Ballsy move. Search engine officially rejects European Union antitrust charges which could lead to huge penalty
Google has, after careful consideration, officially rejected the antitrust charges filed against it by the European Commission.
Its decision should come as no surprise, as Google said in August that the EU’s antitrust action against it was “wrong as a matter of fact, law, and economics”.
Google’s rejection of the charge of anti-competitive behaviour regarding the accusations of promoting its shopping service and hindering its rivals in online search advertising could pave the way for a showdown between the two.
Google could face a fine of as much as $7 billion (£5.6bn) over the alleged charges or 10 percent of its global revenue.
Essentially, these companies claimed that Google had abused its dominant position in the online search market to shut out rivals in areas such as price comparison, navigation and advertising. It is also investigating whether Google has been “scraping” content from rivals’ sites, and unfairly restricting advertisers and software developers who do business with the search giant.
Google of course dominates the search engine market in Europe, and although it is not illegal to hold a monopoly, it is forbidden to abuse it.
In the course of negotiations Google missed several deadlines, tabled a total of three different proposals and even the company’s chairman Eric Schmidt got involved. In July 2012, it emerged that Google agreed to add Android to the list of platforms on which it would redesign the search algorithms.
And then in early 2014, it was reported that Google had finally reached a settlement agreement with the competition commissioner. But that prompted a howl of protests from rivals, forcing the EC to “revise” its decision.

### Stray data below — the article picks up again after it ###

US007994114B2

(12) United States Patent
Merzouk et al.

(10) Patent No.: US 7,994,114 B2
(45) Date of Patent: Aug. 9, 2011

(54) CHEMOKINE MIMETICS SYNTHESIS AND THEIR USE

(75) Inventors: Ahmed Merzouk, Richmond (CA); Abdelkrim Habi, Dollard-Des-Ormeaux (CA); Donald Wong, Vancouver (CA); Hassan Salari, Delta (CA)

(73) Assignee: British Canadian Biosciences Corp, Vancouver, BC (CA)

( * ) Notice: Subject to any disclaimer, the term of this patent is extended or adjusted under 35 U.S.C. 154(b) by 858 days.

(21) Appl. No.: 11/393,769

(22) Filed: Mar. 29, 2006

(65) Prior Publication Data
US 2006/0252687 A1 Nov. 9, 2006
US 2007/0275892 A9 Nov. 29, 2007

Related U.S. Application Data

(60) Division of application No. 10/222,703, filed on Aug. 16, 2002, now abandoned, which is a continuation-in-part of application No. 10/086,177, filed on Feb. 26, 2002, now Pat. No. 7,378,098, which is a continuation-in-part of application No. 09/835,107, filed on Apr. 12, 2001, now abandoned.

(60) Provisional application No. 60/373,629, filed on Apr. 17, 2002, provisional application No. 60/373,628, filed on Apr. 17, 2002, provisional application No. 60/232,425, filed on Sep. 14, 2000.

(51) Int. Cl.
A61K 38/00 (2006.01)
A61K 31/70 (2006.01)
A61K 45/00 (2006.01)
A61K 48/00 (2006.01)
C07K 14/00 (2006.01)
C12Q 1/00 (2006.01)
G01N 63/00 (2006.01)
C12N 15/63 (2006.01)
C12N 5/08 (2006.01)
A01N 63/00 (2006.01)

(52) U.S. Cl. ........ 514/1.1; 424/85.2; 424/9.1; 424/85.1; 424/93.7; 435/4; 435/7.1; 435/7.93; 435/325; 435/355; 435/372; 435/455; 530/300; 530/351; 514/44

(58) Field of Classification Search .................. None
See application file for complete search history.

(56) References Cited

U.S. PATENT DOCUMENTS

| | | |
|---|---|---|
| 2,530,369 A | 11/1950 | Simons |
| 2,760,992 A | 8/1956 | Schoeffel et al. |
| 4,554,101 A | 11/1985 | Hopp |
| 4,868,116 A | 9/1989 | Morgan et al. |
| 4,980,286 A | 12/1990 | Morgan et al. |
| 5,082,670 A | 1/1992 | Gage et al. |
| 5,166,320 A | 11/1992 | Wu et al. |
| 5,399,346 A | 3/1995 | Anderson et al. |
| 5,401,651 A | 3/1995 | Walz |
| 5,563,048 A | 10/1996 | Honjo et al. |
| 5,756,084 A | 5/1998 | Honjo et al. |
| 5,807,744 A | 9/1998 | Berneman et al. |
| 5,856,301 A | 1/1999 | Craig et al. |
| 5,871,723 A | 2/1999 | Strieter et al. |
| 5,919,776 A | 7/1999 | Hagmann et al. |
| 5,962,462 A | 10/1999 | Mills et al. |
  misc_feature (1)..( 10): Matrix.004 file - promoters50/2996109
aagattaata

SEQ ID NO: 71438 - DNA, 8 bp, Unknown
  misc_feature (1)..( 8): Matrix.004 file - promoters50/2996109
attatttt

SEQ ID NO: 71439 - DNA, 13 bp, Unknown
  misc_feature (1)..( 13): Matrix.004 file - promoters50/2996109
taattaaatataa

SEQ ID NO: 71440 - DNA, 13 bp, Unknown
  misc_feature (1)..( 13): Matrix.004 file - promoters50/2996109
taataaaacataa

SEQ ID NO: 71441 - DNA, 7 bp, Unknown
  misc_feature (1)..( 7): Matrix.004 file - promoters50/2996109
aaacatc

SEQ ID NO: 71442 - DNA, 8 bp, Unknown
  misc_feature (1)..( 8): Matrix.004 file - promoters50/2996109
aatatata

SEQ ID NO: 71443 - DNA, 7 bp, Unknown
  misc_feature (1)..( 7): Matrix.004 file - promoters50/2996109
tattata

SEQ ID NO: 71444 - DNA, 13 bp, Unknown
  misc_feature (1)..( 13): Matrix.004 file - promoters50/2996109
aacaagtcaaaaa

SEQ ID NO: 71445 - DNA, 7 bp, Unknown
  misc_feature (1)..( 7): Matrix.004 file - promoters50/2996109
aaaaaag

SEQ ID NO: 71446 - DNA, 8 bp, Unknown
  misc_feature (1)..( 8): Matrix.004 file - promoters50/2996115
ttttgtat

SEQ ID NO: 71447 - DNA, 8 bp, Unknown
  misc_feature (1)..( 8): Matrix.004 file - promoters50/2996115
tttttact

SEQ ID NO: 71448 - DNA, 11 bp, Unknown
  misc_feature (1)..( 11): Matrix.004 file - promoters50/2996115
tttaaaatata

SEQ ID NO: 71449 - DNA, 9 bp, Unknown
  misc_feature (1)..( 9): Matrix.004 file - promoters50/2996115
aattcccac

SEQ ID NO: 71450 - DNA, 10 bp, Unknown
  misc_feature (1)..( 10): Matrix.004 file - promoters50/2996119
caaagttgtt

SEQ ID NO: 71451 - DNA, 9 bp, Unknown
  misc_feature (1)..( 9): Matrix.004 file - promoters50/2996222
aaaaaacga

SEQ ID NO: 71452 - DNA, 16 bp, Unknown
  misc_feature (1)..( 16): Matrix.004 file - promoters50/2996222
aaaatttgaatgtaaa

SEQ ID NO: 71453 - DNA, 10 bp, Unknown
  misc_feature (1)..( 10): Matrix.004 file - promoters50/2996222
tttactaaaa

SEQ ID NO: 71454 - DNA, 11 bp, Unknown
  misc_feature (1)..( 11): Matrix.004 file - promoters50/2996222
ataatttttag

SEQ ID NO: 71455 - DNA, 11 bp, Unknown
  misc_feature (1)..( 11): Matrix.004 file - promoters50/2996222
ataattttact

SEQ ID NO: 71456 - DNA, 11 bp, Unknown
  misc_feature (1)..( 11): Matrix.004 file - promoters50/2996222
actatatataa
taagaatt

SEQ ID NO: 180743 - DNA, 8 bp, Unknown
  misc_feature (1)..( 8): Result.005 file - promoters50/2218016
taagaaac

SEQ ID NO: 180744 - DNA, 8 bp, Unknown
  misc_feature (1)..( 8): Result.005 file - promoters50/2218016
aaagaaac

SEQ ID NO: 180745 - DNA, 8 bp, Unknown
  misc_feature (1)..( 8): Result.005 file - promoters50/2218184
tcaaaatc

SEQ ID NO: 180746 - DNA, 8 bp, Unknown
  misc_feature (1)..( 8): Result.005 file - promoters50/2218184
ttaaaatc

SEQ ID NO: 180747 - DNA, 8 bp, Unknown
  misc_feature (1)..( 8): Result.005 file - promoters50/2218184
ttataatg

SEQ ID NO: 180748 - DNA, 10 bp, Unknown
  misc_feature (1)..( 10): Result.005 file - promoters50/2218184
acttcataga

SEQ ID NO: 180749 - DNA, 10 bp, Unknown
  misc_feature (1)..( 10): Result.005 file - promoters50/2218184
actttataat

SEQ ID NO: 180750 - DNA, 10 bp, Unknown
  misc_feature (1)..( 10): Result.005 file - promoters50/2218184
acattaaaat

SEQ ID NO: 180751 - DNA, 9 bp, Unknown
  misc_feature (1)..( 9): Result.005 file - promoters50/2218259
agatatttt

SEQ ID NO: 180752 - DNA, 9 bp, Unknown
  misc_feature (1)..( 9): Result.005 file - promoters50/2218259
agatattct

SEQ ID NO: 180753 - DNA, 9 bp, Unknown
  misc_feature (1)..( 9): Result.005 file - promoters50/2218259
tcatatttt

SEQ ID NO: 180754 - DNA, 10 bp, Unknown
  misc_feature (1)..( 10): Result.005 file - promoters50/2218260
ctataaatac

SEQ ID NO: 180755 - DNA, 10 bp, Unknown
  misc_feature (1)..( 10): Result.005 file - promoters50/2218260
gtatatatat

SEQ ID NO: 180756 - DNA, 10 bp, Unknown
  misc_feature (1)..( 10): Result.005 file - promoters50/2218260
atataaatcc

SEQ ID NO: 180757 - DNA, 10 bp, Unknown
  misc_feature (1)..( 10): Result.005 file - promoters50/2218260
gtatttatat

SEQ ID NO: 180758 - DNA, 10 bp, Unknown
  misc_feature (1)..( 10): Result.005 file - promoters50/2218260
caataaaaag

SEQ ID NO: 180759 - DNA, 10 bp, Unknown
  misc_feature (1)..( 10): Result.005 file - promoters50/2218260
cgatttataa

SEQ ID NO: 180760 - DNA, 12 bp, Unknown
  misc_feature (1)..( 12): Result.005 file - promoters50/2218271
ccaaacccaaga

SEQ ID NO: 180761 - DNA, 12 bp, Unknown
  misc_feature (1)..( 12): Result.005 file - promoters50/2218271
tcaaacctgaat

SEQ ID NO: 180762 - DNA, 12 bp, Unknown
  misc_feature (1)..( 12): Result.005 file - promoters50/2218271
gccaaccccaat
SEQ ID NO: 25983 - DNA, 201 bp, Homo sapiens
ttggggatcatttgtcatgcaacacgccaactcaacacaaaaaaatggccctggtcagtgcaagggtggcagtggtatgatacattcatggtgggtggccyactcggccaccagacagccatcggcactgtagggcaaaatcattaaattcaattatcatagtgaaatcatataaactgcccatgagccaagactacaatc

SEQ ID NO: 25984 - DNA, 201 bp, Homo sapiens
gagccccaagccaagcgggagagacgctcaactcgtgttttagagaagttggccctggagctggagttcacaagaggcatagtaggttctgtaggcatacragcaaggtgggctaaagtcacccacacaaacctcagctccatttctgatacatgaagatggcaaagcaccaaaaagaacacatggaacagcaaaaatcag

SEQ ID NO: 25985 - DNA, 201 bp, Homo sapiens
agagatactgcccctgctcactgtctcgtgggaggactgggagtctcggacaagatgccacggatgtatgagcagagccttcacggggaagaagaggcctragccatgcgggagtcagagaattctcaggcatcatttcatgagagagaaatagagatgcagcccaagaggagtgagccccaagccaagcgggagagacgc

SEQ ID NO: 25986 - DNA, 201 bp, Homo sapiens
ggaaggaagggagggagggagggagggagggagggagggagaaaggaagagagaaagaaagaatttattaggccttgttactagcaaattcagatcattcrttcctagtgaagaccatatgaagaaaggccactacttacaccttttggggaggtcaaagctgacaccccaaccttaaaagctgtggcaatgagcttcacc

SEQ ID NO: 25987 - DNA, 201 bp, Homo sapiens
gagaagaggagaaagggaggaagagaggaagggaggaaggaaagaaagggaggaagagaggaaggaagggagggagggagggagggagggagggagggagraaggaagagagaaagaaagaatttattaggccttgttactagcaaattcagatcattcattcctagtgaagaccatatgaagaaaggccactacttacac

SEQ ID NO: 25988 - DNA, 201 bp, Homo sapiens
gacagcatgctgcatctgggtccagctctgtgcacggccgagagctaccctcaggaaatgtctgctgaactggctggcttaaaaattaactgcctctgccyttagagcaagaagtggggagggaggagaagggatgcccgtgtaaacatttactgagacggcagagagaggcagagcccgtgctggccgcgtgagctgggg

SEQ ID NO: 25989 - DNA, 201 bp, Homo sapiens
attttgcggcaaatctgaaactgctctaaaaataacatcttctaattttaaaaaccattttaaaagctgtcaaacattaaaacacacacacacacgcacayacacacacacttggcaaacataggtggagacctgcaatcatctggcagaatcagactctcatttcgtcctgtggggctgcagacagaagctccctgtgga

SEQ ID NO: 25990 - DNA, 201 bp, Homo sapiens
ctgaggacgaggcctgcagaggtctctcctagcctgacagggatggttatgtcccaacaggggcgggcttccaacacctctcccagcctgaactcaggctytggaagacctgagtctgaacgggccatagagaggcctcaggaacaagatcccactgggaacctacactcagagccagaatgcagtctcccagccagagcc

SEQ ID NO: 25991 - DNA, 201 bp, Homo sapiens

It has also formally opened a separate antitrust investigation into Google’s conduct regarding the Android operating system.
But Google is not taking this lying down and its general counsel Kent Walker said on a blog that the accusations had no factual, legal or economic basis, and that the EU objections took no account of companies such as Amazon and the competitive nature of online shopping.
“It claimed that when we offered improved shopping ads to our users and advertisers, we were ‘favouring’ our own services – and that this was bad for a handful of price comparison aggregators who claimed to have lost clicks from Google,” blogged Walker. “But it failed to take into account the competitive significance of companies like Amazon and the broader dynamics of online shopping.”
“Ultimately, we can’t agree with a case that lacks evidence and would limit our ability to serve our users, just to satisfy the interests of a small number of websites,” wrote Walker. “But we remain committed to working with the Commission in hopes of resolving the issues raised, and we look forward to continuing our discussions.”
He also said that Google will shortly respond to the Statement of Objections about the Android operating system.
“We’re confident these cases will ultimately be decided based on the facts and that this analysis will show our product innovations have benefited consumers and merchants, and expanded competition,” concluded Walker. “The surest signs of dynamic competition in any market are low prices, abundant choices, and constant innovation — and that’s a great description of shopping on the internet today.”
The EU meanwhile has confirmed it has received Google’s response.
“In each case, we will carefully consider Google’s response before taking any decision on how to proceed and cannot at this stage prejudge the final outcome of the investigation,” Commission spokesman Ricardo Cardoso was quoted by Reuters as saying.
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